A new report by a prominent rights group has accused four European development banks of failing to protect workers on palm oil plantations in the Democratic Republic of the Congo (DRC) from being exposed to hazardous pesticides and being paid very low wages, driving the levels of “extreme poverty”.
Human Rights Watch (HRW) said in its publication on Monday that the investment banks – CDC Group from the United Kingdom; BIO from Belgium; DEG from Germany; and FMO from the Netherlands – had failed to meet their obligation to ensure that the companies they finance are not engaged in abusive practices.
HRW found that the lack of oversight by the banks enabled the palm oil-producing company Feronia and its subsidiary, Plantations et Huileries du Congo SA (PHC), to commit abuses and environmental harm that infringed upon the health and labour rights of people working and living on or near three plantations in northern DRC.
The 95-page report, called A Dirty Investment, alleges that workers in the plantations have been exposed to dangerous pesticides, which causes serious health problems, and suffer abusive employment practices, including receiving wages that left them struggling to feed their families. The alleged abuses also include the dumping of industrial waste into waterways that provide drinking water.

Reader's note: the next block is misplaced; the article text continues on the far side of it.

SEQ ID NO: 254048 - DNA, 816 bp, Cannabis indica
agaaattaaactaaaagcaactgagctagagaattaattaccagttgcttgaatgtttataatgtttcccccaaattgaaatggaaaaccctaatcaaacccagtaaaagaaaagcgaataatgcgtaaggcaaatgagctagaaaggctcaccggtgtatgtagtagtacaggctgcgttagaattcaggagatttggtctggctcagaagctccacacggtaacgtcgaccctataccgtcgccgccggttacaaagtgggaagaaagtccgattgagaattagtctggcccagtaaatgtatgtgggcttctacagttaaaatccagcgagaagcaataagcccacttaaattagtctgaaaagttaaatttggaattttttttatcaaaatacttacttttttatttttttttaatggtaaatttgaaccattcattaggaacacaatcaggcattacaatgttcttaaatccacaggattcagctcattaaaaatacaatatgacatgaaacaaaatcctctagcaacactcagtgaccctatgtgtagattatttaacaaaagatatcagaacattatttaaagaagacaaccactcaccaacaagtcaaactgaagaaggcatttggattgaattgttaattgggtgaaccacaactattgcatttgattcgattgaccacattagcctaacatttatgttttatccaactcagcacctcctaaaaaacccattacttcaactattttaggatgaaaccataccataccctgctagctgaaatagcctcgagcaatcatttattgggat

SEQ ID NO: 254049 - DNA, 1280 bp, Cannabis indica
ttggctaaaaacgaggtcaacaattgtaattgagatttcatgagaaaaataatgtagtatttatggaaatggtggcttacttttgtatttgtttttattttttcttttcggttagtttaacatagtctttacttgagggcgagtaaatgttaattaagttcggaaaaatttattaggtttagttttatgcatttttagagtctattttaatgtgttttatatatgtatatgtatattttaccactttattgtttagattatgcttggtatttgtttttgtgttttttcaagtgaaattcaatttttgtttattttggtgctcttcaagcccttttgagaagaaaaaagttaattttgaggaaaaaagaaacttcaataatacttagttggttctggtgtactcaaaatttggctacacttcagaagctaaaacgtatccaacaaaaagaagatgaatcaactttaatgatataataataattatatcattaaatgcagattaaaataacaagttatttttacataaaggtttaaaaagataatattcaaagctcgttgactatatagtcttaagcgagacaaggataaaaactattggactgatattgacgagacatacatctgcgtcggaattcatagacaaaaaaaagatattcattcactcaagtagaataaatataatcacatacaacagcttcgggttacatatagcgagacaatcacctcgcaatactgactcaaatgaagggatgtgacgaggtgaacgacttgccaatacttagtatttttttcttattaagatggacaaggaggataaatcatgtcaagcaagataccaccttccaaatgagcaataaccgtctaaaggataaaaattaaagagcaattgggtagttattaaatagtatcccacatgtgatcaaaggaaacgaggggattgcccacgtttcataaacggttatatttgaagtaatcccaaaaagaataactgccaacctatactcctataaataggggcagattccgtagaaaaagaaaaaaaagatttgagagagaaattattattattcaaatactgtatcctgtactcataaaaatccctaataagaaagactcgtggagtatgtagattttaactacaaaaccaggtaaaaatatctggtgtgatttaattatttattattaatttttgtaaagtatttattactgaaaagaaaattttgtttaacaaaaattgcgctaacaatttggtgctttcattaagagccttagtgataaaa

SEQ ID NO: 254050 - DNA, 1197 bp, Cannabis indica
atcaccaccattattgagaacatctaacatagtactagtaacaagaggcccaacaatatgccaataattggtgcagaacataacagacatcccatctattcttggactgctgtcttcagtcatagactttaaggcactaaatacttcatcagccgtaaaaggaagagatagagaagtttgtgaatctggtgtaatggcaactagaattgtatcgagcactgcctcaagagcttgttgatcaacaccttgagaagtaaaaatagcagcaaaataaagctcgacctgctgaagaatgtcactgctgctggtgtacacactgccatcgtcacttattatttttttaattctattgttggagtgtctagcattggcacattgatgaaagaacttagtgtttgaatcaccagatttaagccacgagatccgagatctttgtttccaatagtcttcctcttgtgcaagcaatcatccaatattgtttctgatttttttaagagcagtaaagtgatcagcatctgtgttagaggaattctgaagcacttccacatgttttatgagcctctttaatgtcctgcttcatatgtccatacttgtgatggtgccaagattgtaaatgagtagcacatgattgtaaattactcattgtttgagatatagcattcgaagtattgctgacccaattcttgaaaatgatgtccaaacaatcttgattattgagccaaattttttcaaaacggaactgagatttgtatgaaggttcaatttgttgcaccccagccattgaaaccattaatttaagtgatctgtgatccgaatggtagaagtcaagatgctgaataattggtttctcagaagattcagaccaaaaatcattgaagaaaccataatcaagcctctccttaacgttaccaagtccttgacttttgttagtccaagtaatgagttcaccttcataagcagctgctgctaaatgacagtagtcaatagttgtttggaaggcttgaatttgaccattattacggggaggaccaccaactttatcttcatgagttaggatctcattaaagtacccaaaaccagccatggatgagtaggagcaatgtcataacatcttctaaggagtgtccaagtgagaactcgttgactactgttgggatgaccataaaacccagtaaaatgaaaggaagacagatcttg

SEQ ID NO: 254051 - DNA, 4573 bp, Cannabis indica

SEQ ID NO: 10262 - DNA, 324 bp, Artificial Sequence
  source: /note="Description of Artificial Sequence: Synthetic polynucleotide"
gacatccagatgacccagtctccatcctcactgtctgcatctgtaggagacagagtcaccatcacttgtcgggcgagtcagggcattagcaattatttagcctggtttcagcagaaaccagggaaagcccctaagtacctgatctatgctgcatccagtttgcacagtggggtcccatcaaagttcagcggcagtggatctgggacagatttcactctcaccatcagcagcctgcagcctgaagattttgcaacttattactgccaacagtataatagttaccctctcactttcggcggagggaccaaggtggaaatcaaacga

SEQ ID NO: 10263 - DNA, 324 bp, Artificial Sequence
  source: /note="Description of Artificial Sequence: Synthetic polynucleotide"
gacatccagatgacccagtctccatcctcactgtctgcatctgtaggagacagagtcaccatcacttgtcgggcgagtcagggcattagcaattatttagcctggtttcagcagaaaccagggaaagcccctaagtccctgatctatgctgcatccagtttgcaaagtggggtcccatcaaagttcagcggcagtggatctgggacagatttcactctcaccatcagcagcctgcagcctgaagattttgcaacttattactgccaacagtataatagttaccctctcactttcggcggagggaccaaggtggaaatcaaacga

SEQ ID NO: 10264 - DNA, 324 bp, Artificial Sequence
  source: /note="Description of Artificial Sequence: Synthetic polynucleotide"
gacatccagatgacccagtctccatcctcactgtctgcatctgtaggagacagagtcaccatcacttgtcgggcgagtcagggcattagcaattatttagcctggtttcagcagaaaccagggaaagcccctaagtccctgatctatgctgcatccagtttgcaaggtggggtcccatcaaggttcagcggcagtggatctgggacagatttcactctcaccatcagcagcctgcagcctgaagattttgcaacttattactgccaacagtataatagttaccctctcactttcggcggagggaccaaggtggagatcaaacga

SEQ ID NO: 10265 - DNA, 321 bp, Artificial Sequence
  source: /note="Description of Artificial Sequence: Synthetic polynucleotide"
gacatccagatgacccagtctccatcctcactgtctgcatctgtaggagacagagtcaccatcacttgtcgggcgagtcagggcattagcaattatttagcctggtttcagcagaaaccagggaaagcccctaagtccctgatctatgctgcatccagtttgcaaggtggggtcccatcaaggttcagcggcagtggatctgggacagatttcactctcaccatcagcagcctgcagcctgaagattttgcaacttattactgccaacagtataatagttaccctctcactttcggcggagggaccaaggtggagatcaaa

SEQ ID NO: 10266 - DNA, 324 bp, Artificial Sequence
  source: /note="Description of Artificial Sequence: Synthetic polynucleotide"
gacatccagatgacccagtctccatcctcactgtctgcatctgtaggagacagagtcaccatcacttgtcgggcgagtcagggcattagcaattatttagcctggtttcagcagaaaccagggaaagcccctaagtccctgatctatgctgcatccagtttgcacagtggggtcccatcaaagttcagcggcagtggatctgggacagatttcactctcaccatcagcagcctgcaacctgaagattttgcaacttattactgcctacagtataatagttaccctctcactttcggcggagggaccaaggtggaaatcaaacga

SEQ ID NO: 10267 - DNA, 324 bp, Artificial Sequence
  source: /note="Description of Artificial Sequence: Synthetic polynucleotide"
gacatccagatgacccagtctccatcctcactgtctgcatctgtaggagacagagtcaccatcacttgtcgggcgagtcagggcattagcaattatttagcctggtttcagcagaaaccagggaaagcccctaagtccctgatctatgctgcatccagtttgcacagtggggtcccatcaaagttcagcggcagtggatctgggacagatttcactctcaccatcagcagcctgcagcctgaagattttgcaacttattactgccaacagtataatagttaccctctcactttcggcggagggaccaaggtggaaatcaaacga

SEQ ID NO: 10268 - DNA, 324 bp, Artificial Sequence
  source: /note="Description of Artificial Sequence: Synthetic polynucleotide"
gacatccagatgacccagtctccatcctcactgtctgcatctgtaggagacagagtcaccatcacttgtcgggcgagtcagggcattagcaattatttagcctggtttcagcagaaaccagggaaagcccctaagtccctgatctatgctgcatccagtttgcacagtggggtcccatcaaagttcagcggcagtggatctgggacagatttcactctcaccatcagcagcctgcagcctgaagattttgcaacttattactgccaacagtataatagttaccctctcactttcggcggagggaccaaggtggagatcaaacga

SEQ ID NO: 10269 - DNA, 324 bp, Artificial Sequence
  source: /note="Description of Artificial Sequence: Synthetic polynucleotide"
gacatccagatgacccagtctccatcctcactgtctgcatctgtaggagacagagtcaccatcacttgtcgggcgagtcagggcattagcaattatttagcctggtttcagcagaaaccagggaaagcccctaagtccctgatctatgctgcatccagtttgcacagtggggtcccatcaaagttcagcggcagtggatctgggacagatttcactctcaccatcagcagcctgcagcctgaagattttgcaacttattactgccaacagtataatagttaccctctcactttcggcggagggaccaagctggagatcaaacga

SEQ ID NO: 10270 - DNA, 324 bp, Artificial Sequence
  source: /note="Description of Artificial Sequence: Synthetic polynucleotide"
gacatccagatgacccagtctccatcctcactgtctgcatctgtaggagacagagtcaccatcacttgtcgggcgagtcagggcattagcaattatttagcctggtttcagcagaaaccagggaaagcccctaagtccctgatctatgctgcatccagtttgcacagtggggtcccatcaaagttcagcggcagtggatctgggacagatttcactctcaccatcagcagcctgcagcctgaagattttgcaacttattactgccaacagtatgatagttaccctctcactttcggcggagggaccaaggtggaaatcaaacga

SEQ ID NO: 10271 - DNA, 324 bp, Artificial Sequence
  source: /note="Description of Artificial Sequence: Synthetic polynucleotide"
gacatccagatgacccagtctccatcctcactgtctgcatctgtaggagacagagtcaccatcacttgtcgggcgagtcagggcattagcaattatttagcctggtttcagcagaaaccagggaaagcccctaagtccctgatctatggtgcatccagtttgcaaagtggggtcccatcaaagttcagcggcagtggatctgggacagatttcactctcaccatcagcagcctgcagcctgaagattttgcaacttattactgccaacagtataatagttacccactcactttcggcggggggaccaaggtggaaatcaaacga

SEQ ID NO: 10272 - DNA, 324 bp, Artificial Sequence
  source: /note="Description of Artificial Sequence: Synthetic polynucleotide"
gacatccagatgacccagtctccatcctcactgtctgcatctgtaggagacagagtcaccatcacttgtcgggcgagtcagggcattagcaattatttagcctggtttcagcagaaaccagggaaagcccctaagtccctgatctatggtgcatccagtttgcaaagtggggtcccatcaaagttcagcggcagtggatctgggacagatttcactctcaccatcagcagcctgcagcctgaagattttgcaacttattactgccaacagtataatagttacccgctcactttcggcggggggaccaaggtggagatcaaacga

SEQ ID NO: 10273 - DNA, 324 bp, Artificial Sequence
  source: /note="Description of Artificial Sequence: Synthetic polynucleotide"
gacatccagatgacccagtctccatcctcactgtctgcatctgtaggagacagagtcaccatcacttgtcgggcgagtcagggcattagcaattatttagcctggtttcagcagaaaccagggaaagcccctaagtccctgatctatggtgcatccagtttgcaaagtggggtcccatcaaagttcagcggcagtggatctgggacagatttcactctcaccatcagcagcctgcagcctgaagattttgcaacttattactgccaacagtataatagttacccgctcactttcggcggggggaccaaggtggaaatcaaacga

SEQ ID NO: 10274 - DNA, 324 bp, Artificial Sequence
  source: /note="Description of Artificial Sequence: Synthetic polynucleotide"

“These banks can play an important role promoting development, but they are sabotaging their mission by failing to ensure that the company they finance respects the rights of its workers and communities on the plantations,” said Luciana Tellez, HRW’s environment and human rights researcher and author of the report.
“The banks should insist that Feronia remedies the abuses and commits to a concrete plan to end them.”
According to HRW, PHC is the fifth-largest private employer in the DRC and the largest in the agricultural sector. The three plantations cited in the report – Boteka, Lokutu and Yaligimba – span more than 100,000 hectares (247,105 acres).
The New York-based group’s report relied on fieldwork in the DRC between November 2018 and May 2019, when it conducted more than 200 interviews, including with 102 PHC employees residing on or near the sites.
HRW said it found that workers on the plantations are exposed to large amounts of dangerous pesticides due to the company’s failure to provide adequate protective equipment. It said many workers described experiencing health issues such as impotence, skin irritation, eye problems and blurry vision.
In parts of the three plantations, residents interviewed by HRW said their drinking water has been contaminated by PHC activities.
Dominique Azayo Elenga, a local leader in Boloku, told the rights group that he filed an official complaint in November 2018 with the company alleging that its untreated waste was contaminating the village’s only source of drinking water.
“My population [in Boloku] uses water that has dirt from the factory,” Azayo Elenga said. “They’re using it. I discussed it with Feronia but nothing has been done about it yet.”
The PHC director-general told HRW in April that he was not aware of any such complaints on his plantations.
Workers also told HRW that their wages do not cover their basic needs.
Citing managerial staff and workers’ accounts, HRW said PHC frequently uses temporary contracts that withhold cash benefits, in apparent violation of the DRC’s law. The company denied the claim.